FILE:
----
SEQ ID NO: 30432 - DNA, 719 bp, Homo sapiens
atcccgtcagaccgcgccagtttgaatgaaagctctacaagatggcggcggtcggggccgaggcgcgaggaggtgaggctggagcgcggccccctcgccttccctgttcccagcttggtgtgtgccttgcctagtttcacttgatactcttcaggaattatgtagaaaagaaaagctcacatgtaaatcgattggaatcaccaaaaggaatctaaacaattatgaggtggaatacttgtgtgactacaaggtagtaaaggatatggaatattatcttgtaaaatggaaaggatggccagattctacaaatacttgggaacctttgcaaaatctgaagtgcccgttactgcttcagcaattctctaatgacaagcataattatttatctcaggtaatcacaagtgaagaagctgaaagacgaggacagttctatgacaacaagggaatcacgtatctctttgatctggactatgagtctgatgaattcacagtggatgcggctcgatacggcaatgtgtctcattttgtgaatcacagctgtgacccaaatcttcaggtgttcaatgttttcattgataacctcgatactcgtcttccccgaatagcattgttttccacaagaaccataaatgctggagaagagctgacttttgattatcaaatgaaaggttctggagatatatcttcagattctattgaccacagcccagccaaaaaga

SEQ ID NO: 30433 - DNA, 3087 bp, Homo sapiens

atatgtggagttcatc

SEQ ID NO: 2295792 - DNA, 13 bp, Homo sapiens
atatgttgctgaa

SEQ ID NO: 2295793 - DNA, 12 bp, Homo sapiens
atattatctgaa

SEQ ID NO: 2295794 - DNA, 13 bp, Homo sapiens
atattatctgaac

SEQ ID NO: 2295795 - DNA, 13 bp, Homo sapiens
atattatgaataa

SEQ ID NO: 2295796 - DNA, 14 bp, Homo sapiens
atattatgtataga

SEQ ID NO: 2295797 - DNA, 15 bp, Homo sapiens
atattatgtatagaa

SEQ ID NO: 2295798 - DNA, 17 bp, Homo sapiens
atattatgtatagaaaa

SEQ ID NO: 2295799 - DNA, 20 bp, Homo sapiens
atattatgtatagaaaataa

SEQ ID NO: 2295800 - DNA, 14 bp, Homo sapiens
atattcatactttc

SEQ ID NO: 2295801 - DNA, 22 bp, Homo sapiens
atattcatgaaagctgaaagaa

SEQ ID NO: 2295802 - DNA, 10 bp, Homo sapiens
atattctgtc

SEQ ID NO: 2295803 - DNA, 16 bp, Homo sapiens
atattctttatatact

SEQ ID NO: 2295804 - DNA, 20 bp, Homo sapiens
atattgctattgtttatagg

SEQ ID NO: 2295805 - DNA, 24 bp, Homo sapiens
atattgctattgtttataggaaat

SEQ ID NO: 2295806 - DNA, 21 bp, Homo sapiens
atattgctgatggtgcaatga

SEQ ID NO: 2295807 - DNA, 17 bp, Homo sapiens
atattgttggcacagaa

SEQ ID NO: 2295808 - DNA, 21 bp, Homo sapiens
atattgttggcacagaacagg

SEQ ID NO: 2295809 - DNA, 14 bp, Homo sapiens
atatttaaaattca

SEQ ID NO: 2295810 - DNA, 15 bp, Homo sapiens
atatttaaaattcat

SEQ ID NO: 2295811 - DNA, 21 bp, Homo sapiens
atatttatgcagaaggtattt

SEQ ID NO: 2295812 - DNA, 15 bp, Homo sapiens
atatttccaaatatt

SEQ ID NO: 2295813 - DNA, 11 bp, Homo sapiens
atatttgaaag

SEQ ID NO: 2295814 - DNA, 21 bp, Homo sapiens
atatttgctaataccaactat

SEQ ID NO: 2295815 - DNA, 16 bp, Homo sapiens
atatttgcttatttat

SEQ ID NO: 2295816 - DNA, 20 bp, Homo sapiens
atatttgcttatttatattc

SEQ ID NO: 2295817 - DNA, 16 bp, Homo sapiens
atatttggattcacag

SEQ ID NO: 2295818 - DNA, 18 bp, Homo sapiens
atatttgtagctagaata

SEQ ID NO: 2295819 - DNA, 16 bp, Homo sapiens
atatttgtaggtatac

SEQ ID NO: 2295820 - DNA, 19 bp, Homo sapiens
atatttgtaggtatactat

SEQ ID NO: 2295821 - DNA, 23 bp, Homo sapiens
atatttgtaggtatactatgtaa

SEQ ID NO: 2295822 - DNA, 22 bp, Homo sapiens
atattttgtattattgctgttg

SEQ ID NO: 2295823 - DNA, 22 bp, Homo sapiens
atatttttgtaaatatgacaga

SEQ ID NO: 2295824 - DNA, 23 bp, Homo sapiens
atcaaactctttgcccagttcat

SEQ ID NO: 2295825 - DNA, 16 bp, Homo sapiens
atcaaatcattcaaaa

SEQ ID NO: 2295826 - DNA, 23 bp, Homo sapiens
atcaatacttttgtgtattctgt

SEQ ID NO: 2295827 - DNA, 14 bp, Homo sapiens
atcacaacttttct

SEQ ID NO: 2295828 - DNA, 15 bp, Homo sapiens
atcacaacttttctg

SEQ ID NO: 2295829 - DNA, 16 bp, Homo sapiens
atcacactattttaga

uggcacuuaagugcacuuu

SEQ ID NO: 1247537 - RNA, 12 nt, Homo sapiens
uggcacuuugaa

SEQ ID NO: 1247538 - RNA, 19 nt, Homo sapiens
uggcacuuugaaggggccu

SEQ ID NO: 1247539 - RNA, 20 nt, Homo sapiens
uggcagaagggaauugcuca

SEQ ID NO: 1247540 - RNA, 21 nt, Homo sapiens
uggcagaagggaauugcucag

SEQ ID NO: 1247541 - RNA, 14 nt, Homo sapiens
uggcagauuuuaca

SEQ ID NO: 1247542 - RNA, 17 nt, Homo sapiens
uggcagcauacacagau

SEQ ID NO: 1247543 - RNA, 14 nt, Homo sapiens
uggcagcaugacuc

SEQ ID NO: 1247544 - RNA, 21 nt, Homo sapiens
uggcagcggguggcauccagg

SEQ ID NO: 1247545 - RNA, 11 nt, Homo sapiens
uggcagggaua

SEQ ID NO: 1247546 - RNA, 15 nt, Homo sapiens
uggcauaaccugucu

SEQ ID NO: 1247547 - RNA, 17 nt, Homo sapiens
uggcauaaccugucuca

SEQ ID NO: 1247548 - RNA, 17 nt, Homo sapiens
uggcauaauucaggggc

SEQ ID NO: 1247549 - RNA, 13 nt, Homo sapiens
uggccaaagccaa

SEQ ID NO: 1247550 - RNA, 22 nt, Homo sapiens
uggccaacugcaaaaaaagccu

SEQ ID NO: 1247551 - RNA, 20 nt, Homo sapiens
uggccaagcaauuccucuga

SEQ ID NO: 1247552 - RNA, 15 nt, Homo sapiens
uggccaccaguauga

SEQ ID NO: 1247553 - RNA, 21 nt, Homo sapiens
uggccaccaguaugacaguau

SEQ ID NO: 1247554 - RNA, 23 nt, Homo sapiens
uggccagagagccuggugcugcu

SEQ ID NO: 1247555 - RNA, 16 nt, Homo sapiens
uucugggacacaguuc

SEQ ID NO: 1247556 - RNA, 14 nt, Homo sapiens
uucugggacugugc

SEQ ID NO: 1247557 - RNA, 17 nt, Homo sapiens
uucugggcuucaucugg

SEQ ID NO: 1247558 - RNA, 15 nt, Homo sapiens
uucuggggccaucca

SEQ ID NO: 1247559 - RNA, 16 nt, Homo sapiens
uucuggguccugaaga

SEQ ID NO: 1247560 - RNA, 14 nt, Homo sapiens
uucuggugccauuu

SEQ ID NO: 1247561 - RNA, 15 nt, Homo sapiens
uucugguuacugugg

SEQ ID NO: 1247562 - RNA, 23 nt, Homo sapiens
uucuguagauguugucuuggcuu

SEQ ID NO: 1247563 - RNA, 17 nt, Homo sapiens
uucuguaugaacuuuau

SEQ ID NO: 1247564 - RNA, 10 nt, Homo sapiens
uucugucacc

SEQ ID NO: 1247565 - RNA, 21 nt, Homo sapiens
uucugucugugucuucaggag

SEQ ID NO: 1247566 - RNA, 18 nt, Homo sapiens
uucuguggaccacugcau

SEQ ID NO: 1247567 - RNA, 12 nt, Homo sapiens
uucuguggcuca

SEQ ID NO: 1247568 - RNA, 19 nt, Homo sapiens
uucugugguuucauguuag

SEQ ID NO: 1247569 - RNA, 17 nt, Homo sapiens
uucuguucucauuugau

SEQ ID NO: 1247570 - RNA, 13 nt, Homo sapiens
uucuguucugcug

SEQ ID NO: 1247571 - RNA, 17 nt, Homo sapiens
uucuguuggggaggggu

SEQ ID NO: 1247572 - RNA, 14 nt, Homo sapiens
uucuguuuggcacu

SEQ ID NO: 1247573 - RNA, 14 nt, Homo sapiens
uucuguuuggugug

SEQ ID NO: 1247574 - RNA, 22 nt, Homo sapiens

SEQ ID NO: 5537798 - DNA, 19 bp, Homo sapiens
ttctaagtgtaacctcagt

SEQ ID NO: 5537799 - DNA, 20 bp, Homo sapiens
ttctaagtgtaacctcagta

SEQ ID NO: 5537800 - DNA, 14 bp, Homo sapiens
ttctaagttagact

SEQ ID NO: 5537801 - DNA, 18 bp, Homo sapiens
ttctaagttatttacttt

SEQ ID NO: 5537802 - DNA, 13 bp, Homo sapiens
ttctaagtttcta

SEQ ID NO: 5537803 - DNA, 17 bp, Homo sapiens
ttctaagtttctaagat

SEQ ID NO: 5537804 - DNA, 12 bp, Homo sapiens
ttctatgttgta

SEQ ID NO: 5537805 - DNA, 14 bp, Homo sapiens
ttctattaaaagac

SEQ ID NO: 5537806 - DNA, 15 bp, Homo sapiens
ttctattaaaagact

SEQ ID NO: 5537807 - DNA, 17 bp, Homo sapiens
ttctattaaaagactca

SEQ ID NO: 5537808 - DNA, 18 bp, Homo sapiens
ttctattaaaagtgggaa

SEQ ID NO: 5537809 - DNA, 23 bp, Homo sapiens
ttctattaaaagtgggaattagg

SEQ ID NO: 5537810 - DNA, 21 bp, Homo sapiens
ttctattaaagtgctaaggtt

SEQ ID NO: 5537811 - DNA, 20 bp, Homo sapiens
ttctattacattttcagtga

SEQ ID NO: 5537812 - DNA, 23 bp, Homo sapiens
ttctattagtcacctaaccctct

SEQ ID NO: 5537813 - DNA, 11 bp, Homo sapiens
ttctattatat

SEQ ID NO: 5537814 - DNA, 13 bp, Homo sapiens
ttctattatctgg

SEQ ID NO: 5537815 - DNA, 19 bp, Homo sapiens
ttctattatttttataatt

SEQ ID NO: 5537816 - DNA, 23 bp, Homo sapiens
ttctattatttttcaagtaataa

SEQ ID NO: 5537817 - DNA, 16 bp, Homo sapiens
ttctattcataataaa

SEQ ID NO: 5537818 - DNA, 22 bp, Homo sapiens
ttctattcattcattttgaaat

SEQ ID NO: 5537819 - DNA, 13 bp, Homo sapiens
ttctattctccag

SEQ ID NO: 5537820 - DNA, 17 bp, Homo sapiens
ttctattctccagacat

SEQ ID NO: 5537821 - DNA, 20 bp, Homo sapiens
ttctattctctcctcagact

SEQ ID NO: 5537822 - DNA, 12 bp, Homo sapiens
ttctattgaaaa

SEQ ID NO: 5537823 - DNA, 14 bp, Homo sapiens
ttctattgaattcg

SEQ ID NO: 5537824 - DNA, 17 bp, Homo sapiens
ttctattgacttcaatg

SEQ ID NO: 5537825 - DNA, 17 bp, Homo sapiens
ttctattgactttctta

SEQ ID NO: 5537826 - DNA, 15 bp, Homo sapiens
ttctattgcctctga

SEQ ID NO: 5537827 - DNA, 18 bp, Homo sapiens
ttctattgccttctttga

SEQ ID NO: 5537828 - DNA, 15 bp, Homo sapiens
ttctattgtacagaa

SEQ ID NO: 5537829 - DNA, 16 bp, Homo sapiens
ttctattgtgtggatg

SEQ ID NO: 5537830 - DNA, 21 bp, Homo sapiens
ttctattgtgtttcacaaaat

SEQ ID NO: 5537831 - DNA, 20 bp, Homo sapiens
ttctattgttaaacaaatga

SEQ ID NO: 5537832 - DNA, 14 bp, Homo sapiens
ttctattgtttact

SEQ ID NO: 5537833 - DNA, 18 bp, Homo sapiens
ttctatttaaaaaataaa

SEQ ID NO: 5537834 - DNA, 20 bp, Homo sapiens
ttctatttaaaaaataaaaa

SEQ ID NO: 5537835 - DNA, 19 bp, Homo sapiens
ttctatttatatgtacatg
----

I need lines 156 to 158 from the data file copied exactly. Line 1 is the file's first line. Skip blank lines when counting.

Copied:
SEQ ID NO: 1247574 - RNA, 22 nt, Homo sapiens

SEQ ID NO: 5537798 - DNA, 19 bp, Homo sapiens
ttctaagtgtaacctcagt